First Set of Books in 2015
I love books. I can spend hours in a bookshop. Unfortunately, Ghanaian bookshops don't offer much in terms of titles and sometimes the attendants could be so arrogant. They come directly to you demanding what you want, as if you should want a title or two and just walk out like a student in search of a text book. To all you bookshop attendants, this is the 'wrongest' way to treat a bibliophile. It is more painful than a womaniser on the verge of losing his member. It denigrates us. It demeans us.
This class of Mammals, referred to as Bibliophiles, make life so simple. Their Christmas and birthday wishes are the same: books. If they begin to talk about books, their eyes twinkle and bulge out, their mouths move faster than Twista and drops of saliva could be seen leaking out from the corners, and their face is set in perpetual laughter.
However, getting new titles in bookshops in Ghana is more difficult than putting man on Mars. After all, NASA has started with Curiosity. And this is where friends come in. And this is where I have been very fortunate. I have had friends who know that books are to me what a voluptuous woman is to an African man. Not that I don't like them, I mean the voluptuous species; but to get to me entirely, don't get through my stomach, as they say, go through books.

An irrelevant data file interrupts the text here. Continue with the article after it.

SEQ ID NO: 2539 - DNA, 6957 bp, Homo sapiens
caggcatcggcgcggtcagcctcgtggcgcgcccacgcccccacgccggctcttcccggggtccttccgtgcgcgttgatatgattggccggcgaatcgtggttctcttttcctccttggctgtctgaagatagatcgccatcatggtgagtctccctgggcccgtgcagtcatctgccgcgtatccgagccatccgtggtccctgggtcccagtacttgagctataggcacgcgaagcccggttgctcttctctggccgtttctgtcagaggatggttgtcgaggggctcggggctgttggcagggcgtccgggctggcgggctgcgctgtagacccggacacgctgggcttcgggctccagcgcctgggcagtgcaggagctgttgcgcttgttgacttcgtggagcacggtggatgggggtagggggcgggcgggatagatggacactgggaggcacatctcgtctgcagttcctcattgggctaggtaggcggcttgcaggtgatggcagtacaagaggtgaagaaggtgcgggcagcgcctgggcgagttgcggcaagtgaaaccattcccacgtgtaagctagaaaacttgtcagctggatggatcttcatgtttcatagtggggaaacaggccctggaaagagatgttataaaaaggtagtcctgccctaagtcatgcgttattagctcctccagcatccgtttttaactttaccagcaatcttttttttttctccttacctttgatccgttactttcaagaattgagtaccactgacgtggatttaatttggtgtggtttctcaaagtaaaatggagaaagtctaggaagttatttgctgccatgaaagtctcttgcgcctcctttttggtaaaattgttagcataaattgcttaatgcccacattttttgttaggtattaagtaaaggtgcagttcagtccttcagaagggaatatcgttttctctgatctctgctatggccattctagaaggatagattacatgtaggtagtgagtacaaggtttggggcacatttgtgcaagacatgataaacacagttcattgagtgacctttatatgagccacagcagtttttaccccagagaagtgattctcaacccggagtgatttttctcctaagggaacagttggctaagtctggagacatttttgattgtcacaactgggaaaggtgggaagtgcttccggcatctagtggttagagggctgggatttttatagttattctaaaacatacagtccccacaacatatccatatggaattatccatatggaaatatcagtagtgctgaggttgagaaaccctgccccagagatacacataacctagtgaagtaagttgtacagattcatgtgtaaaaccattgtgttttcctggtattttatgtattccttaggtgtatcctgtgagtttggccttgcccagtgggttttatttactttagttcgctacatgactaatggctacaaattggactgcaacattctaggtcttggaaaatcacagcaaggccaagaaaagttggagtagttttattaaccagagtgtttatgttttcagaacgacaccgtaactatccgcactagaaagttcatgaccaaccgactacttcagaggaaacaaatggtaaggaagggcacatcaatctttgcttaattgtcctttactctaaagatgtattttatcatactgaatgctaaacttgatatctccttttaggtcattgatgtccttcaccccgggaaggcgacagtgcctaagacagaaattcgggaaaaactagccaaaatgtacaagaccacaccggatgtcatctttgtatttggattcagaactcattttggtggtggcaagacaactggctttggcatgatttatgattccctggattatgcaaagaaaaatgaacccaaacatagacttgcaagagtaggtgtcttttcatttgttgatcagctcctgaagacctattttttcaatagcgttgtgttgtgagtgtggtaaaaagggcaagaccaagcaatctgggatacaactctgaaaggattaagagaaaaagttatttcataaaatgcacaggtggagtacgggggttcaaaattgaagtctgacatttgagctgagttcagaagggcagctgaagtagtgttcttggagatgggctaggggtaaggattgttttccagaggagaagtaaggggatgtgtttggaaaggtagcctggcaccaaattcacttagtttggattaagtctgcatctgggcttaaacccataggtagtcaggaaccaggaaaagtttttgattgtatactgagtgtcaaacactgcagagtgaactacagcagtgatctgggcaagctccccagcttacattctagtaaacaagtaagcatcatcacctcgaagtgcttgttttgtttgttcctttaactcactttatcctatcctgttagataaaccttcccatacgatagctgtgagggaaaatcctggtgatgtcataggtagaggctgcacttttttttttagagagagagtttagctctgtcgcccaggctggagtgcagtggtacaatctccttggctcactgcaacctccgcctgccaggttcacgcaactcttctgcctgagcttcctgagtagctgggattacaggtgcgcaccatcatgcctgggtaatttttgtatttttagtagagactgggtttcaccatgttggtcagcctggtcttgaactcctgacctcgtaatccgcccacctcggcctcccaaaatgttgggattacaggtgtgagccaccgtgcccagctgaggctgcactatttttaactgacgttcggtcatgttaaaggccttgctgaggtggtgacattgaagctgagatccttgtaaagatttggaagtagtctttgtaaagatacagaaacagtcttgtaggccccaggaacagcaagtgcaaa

Over the years, I have received gifts of books from several friends and I have talked about each one of them here on this blog, except the last two other books I received in the latter part of of last year, which included Umberto Eco's The Prague Cemetery which I am currently reading.
My 2015 began on a very bright note when a dear friend - any friend who do this should be dear - gifted me not one, not two, but three of my most sought-after books.
- Foucault's Pendulum by Umberto Eco. Exactly two years ago (2013), I made a list of books I wish to read. In November of 2012, I had decided on some books already, which led to this 2013 wish list. On the list were three of Umberto Eco's books including The Prague Cemetery and Foucault Pendulum. This shows the length of time I have been wishing for this book. And what do you say when a friend quenches your two-year old thirst?
- One Hundred Years of Solitude by Gabriel Garcia Marquez. This book was also on both lists. It is pathetic that no bookshop in this country stocks any of his book. Books by such laureates should be found everywhere. They should be mandatory reading in secondary schools. Not even his death and that of Nadine Gordimer, two Nobel Laureates in Literature, could spur these 'comatose' bookshops to stock their books. In a country, where a lot of noise can be made about almost everything, it's a pity books don't make news, unless they are authored by politicians; even then only to score political points. People become what they interact with. If booksellers decide to sell books, people will buy.
- Les Miserables by Victor Hugo. If I read this, it would be the most voluminous book I would have read. I don't know how it compares with Dostoevsky's War and Peace in terms of number of words, etc; but it definitely wins on the number of pages indicator and it seems daunting. I bought two of Hugos books - this and The Hunchback of Notre Dame - two years ago, only to discover that they were abridged versions. They were supposed to be my introduction to French Literature. I was so peeved! Who wants an abridged version? You either read the thing or you don't. Will you consider a book read when all you've done is read an abridged version? I cannot. So I am happy to have this book.
Which of these have you read and what are your impressions about them?